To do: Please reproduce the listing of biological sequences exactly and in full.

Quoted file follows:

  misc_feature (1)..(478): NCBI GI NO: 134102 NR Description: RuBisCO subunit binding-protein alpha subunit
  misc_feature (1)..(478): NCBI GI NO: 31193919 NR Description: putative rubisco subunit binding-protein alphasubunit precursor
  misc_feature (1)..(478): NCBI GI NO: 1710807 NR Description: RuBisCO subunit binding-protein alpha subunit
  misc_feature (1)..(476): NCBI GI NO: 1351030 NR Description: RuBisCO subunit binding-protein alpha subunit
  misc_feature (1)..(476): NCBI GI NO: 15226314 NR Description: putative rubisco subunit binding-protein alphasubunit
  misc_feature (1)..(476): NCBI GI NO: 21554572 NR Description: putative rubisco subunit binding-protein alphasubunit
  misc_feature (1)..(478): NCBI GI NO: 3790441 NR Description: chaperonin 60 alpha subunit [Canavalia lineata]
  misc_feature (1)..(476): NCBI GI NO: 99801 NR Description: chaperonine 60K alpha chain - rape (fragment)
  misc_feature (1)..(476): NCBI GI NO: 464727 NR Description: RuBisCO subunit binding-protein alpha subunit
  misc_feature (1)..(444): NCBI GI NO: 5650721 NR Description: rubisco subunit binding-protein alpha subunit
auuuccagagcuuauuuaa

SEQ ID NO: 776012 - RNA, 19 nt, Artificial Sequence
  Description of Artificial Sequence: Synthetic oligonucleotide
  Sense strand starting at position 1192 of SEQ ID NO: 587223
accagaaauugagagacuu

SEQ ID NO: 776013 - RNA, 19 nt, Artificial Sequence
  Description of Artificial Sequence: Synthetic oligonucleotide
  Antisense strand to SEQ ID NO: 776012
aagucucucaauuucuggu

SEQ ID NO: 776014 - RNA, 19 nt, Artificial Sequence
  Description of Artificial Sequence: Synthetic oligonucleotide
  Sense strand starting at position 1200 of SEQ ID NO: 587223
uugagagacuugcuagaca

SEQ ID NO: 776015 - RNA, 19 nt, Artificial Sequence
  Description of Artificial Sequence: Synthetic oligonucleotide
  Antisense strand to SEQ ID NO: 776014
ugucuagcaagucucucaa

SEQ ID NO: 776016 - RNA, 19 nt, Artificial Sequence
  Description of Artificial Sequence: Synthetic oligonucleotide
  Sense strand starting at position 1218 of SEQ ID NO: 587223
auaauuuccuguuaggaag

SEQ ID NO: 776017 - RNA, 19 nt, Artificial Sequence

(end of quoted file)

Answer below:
  misc_feature (1)..(478): NCBI GI NO: 134102 NR Description: RuBisCO subunit binding-protein alpha subunit
  misc_feature (1)..(478): NCBI GI NO: 31193919 NR Description: putative rubisco subunit binding-protein alphasubunit precursor
  misc_feature (1)..(478): NCBI GI NO: 1710807 NR Description: RuBisCO subunit binding-protein alpha subunit
  misc_feature (1)..(476): NCBI GI NO: 1351030 NR Description: RuBisCO subunit binding-protein alpha subunit
  misc_feature (1)..(476): NCBI GI NO: 15226314 NR Description: putative rubisco subunit binding-protein alphasubunit
  misc_feature (1)..(476): NCBI GI NO: 21554572 NR Description: putative rubisco subunit binding-protein alphasubunit
  misc_feature (1)..(478): NCBI GI NO: 3790441 NR Description: chaperonin 60 alpha subunit [Canavalia lineata]
  misc_feature (1)..(476): NCBI GI NO: 99801 NR Description: chaperonine 60K alpha chain - rape (fragment)
  misc_feature (1)..(476): NCBI GI NO: 464727 NR Description: RuBisCO subunit binding-protein alpha subunit
  misc_feature (1)..(444): NCBI GI NO: 5650721 NR Description: rubisco subunit binding-protein alpha subunit
auuuccagagcuuauuuaa

SEQ ID NO: 776012 - RNA, 19 nt, Artificial Sequence
  Description of Artificial Sequence: Synthetic oligonucleotide
  Sense strand starting at position 1192 of SEQ ID NO: 587223
accagaaauugagagacuu

SEQ ID NO: 776013 - RNA, 19 nt, Artificial Sequence
  Description of Artificial Sequence: Synthetic oligonucleotide
  Antisense strand to SEQ ID NO: 776012
aagucucucaauuucuggu

SEQ ID NO: 776014 - RNA, 19 nt, Artificial Sequence
  Description of Artificial Sequence: Synthetic oligonucleotide
  Sense strand starting at position 1200 of SEQ ID NO: 587223
uugagagacuugcuagaca

SEQ ID NO: 776015 - RNA, 19 nt, Artificial Sequence
  Description of Artificial Sequence: Synthetic oligonucleotide
  Antisense strand to SEQ ID NO: 776014
ugucuagcaagucucucaa

SEQ ID NO: 776016 - RNA, 19 nt, Artificial Sequence
  Description of Artificial Sequence: Synthetic oligonucleotide
  Sense strand starting at position 1218 of SEQ ID NO: 587223
auaauuuccuguuaggaag

SEQ ID NO: 776017 - RNA, 19 nt, Artificial Sequence